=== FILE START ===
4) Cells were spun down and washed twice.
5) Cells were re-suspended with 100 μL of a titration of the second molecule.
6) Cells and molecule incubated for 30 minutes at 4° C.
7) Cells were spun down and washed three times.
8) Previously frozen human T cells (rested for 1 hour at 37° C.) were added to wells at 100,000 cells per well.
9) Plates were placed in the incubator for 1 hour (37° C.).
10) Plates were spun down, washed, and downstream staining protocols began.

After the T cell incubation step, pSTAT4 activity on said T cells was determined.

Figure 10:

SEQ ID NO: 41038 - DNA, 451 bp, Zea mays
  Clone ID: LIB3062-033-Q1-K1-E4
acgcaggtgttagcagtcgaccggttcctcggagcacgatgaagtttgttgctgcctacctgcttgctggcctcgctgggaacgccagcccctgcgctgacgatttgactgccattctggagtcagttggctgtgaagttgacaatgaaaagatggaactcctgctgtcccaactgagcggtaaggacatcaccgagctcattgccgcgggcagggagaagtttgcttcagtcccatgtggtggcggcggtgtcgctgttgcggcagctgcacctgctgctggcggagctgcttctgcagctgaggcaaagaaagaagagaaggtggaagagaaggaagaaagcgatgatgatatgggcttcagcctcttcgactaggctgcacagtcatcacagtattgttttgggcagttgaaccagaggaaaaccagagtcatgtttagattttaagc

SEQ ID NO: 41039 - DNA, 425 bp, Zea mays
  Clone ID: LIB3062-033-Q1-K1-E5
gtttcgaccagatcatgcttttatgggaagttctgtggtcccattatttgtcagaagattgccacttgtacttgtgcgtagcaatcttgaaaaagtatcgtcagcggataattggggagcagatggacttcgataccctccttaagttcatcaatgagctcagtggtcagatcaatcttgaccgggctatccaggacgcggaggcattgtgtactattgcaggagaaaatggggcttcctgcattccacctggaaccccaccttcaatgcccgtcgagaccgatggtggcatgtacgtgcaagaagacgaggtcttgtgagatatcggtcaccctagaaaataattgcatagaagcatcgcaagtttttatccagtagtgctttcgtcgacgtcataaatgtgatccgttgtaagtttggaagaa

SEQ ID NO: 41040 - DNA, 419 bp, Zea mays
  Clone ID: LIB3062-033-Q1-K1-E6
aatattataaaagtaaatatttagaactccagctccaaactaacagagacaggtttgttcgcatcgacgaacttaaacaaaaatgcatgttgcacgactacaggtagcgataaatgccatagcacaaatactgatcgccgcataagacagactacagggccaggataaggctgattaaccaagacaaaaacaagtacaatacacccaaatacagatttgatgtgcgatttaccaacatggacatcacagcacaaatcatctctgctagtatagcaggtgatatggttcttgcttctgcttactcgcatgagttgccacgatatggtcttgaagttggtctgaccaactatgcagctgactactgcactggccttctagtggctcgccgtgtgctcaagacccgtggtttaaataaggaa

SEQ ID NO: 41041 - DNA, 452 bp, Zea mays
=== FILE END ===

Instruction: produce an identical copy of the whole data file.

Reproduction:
4) Cells were spun down and washed twice.
5) Cells were re-suspended with 100 μL of a titration of the second molecule.
6) Cells and molecule incubated for 30 minutes at 4° C.
7) Cells were spun down and washed three times.
8) Previously frozen human T cells (rested for 1 hour at 37° C.) were added to wells at 100,000 cells per well.
9) Plates were placed in the incubator for 1 hour (37° C.).
10) Plates were spun down, washed, and downstream staining protocols began.

After the T cell incubation step, pSTAT4 activity on said T cells was determined.

Figure 10:

SEQ ID NO: 41038 - DNA, 451 bp, Zea mays
  Clone ID: LIB3062-033-Q1-K1-E4
acgcaggtgttagcagtcgaccggttcctcggagcacgatgaagtttgttgctgcctacctgcttgctggcctcgctgggaacgccagcccctgcgctgacgatttgactgccattctggagtcagttggctgtgaagttgacaatgaaaagatggaactcctgctgtcccaactgagcggtaaggacatcaccgagctcattgccgcgggcagggagaagtttgcttcagtcccatgtggtggcggcggtgtcgctgttgcggcagctgcacctgctgctggcggagctgcttctgcagctgaggcaaagaaagaagagaaggtggaagagaaggaagaaagcgatgatgatatgggcttcagcctcttcgactaggctgcacagtcatcacagtattgttttgggcagttgaaccagaggaaaaccagagtcatgtttagattttaagc

SEQ ID NO: 41039 - DNA, 425 bp, Zea mays
  Clone ID: LIB3062-033-Q1-K1-E5
gtttcgaccagatcatgcttttatgggaagttctgtggtcccattatttgtcagaagattgccacttgtacttgtgcgtagcaatcttgaaaaagtatcgtcagcggataattggggagcagatggacttcgataccctccttaagttcatcaatgagctcagtggtcagatcaatcttgaccgggctatccaggacgcggaggcattgtgtactattgcaggagaaaatggggcttcctgcattccacctggaaccccaccttcaatgcccgtcgagaccgatggtggcatgtacgtgcaagaagacgaggtcttgtgagatatcggtcaccctagaaaataattgcatagaagcatcgcaagtttttatccagtagtgctttcgtcgacgtcataaatgtgatccgttgtaagtttggaagaa

SEQ ID NO: 41040 - DNA, 419 bp, Zea mays
  Clone ID: LIB3062-033-Q1-K1-E6
aatattataaaagtaaatatttagaactccagctccaaactaacagagacaggtttgttcgcatcgacgaacttaaacaaaaatgcatgttgcacgactacaggtagcgataaatgccatagcacaaatactgatcgccgcataagacagactacagggccaggataaggctgattaaccaagacaaaaacaagtacaatacacccaaatacagatttgatgtgcgatttaccaacatggacatcacagcacaaatcatctctgctagtatagcaggtgatatggttcttgcttctgcttactcgcatgagttgccacgatatggtcttgaagttggtctgaccaactatgcagctgactactgcactggccttctagtggctcgccgtgtgctcaagacccgtggtttaaataaggaa

SEQ ID NO: 41041 - DNA, 452 bp, Zea mays